Wednesday, January 23, 2013
Cold Not Comfortable
Slip-sliding across the sort of frozen pavement that causes fallers and shattered limbs in the elderly population, I can’t help wondering if the probate business might pick up in a month or two. Every cloud has a silver lining.
‘Spare some cash for a cuppa?’ Calls a gruff voice as I sashay sideways like some inept celebrity, dancing on ice. I spot the unshaven tramp-like figure lurking in a boarded up doorway. The unit will shortly become a charity shop, which might help the dishevelled man eventually, or heaven forbid, another estate agent that most definitely won’t.
I’ve spent a couple of decades avoiding wastrels and beggars who plead for funds to fuel drinking and drug habits while I work fifty hour weeks to keep a roof over my own family’s head, but lately as I attend yet another repossession, I’ve started to think but for the grace of a god I’ve seen no sign of, it might be me one day. With my sales experience I’d hope to make a more convincing case though - there’s no way this guy would spend any money on a mug of tea.
‘Sorry mate.’ Says a voice I recognise and I hurry on and nearly take a tumble for my troubles. Black ice and an increasingly black mood will have me falling sooner or later. A phlegm-filled expletive is spat in my direction as I hurry on towards the office. I think another wino might just have realised my profession.
‘It’s cold in here.’ I say out loud as the ringing of the just-silenced alarm fades away. The talking to myself has become an all too regular occurrence. I’ll be stopping strangers in shops soon on the pretext of not being able to reach some item on the top shelf, them trying to engage them in conversation. Only a short step to asking estate agents to come and value my home, when I’ve no intention of moving.
I punch the heating control to no avail. The bloody system isn’t firing-up again. I can see my breath in the air and a quick glance at the thermometer confirms a temperature that the Shops and Factories Act might not find acceptable. I have a feeling the guidelines state something like 16 degrees centigrade, or 13 in an active environment. Not sure if folding leaflets for a chilly drop later, counts as active, so I decide to hide the thermometer instead.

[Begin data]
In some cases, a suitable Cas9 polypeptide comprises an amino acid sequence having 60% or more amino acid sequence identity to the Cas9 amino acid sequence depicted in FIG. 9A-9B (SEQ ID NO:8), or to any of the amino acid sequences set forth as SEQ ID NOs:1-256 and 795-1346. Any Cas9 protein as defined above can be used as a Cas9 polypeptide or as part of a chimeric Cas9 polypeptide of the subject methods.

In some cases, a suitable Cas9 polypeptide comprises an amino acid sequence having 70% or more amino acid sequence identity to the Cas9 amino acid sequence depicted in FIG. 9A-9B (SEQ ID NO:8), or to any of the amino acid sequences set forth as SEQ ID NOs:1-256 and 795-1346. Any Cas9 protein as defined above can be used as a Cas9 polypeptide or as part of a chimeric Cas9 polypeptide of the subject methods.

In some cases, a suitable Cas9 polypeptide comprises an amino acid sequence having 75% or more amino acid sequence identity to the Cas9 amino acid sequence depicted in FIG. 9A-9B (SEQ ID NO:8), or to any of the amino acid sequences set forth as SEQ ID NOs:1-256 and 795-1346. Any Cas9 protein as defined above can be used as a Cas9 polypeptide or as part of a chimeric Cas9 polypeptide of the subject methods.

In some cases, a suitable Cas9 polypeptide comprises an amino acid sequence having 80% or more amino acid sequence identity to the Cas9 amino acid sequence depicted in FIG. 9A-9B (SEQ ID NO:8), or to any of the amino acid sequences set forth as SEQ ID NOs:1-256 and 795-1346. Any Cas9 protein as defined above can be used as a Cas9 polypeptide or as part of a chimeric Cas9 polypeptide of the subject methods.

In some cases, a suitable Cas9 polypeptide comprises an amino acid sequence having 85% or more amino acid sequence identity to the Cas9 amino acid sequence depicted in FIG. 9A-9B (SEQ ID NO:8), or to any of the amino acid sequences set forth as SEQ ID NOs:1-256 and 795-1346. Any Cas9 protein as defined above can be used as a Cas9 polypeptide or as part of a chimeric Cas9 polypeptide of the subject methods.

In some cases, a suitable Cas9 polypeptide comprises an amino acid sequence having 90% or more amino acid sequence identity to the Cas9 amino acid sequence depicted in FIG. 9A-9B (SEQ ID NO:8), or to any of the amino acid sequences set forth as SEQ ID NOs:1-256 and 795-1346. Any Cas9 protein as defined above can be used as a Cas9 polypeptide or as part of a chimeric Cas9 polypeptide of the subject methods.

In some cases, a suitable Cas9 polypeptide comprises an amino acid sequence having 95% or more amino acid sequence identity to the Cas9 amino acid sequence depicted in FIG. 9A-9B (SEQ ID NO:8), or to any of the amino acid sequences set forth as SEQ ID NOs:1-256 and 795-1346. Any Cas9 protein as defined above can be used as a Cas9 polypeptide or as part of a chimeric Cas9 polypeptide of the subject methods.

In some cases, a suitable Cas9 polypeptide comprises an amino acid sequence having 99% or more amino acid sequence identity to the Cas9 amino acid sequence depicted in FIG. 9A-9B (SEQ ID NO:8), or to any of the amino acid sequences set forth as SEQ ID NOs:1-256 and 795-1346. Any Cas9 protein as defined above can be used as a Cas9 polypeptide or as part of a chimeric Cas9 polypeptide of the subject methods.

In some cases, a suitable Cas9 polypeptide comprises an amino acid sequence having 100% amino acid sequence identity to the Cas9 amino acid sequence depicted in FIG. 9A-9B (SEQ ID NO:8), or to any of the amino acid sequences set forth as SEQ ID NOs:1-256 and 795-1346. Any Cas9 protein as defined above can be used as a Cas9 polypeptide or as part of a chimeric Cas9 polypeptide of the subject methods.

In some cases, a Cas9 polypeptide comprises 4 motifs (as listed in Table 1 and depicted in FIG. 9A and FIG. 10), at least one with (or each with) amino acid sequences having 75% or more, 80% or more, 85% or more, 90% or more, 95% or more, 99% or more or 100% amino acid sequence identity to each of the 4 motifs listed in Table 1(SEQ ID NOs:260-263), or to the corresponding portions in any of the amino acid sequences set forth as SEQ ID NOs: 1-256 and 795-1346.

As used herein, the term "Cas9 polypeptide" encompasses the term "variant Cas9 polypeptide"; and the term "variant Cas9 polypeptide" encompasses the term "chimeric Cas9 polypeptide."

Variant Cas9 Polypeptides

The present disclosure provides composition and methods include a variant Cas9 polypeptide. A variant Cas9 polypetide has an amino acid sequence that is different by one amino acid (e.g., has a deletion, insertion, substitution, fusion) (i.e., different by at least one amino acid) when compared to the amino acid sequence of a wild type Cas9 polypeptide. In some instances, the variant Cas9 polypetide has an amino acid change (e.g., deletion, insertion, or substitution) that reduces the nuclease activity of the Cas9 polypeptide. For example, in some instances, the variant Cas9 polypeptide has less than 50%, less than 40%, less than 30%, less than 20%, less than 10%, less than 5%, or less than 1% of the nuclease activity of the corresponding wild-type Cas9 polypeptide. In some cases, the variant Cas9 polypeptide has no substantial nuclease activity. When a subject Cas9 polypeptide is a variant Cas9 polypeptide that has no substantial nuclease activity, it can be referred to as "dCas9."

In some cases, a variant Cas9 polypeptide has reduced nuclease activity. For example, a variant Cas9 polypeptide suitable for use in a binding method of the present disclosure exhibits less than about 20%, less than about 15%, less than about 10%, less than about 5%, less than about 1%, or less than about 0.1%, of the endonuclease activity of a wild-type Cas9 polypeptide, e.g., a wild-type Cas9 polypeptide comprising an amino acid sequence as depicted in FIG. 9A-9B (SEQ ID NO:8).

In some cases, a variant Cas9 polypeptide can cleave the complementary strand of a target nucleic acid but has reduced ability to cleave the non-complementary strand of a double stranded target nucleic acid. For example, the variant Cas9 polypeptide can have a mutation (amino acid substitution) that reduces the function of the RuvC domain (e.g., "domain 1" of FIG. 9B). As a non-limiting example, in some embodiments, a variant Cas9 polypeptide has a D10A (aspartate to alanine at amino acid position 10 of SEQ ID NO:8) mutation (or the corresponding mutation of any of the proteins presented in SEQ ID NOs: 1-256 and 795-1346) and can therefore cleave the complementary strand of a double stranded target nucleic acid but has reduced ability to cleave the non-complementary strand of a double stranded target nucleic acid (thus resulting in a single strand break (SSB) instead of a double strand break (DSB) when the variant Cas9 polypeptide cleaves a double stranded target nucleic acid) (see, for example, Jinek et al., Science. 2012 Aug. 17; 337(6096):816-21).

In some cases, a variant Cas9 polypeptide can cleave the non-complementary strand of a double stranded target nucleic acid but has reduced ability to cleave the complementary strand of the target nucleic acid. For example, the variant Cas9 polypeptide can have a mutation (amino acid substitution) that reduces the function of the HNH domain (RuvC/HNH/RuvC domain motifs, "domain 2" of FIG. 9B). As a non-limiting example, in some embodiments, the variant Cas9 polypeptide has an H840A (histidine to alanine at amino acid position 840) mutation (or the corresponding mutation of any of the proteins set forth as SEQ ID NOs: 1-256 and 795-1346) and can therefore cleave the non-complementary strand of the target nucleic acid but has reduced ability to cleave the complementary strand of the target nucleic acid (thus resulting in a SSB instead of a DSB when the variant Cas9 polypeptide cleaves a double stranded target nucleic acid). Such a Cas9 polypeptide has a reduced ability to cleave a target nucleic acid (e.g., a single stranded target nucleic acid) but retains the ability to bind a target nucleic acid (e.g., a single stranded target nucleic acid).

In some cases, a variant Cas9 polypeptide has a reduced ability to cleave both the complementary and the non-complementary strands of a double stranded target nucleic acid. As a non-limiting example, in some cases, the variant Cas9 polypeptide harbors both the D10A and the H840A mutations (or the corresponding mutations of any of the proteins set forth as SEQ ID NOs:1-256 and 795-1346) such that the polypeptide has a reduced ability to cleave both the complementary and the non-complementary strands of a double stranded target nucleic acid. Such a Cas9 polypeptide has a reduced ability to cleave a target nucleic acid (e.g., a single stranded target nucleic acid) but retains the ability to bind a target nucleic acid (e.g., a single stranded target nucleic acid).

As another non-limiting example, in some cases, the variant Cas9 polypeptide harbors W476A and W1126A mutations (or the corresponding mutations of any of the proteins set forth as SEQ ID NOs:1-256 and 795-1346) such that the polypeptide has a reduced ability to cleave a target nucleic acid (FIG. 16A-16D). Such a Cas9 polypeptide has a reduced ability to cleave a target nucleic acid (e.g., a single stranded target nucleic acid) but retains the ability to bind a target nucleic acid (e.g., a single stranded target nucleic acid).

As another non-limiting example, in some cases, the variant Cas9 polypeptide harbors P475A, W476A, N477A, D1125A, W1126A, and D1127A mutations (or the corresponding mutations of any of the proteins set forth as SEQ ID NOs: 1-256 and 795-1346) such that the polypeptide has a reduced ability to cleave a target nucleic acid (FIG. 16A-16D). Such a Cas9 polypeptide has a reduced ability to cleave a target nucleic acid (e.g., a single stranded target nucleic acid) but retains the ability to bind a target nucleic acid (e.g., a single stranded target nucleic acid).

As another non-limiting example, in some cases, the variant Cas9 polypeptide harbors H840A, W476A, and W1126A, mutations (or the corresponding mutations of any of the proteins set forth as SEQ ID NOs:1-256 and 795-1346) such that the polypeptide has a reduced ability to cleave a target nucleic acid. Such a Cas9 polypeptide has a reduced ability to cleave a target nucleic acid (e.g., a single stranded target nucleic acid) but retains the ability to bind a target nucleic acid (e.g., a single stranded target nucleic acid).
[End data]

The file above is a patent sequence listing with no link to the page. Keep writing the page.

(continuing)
‘Bit parky in here isn’t it?’ States assistant manager T, arriving moments before opening time. There’s still no sign of the other staff.
‘I hadn’t noticed.’ I fib, cheeks colouring and sending a little warmth my way.
T marches to the heating programmer and fiddles with the buttons, as he presses and curses the rest of my team arrive, puffing and stamping feet.
‘Heating is f***ed again.’ Announces T unhelpfully.
‘What’s the thermometer say?’ Asks lettings lush B.
‘It’s not on the wall.’ Replies T turning to look at me accusingly.
‘Tea or coffee guys.’ I ask, using a well-tried distraction technique.
‘If he’s making drinks there must be a catch.’ Rumbles obese mortgage man M. No danger of him getting chilled to the bone.
‘Isn’t there a statutory minimum temperature you have to have, or you can go home?’ persists B despite the viscous black coffee I’ve made her.
‘It’s just advisory.’ I tell her to less than convinced glances. ‘I’ve called the engineer. I’m sure he won’t be long.’ Both statements lack credibility but I’m betting the former will be the more accurate.
‘Oh great.’ Moans T, looking out the window and sipping on his own tea.
‘What is it?’ Asks negotiator S, hunkered down over something hot and steamy I’ve provided. For clarity, her coat and my trousers are still on.
‘Mad Mrs Munroe.’ Replies T. ‘Hasn’t she got anything better to do?’ Probably not, her husband died some time ago and like a lot of people she’s been fantasising about property and a second coming for years.
‘Nothing for you today Mrs Munroe.’ Says T heading her off at the door. The poor woman looks confused.
‘You know my name?’ He’s been in her bedroom three times, despite the sign on her front door.
No cold callers.
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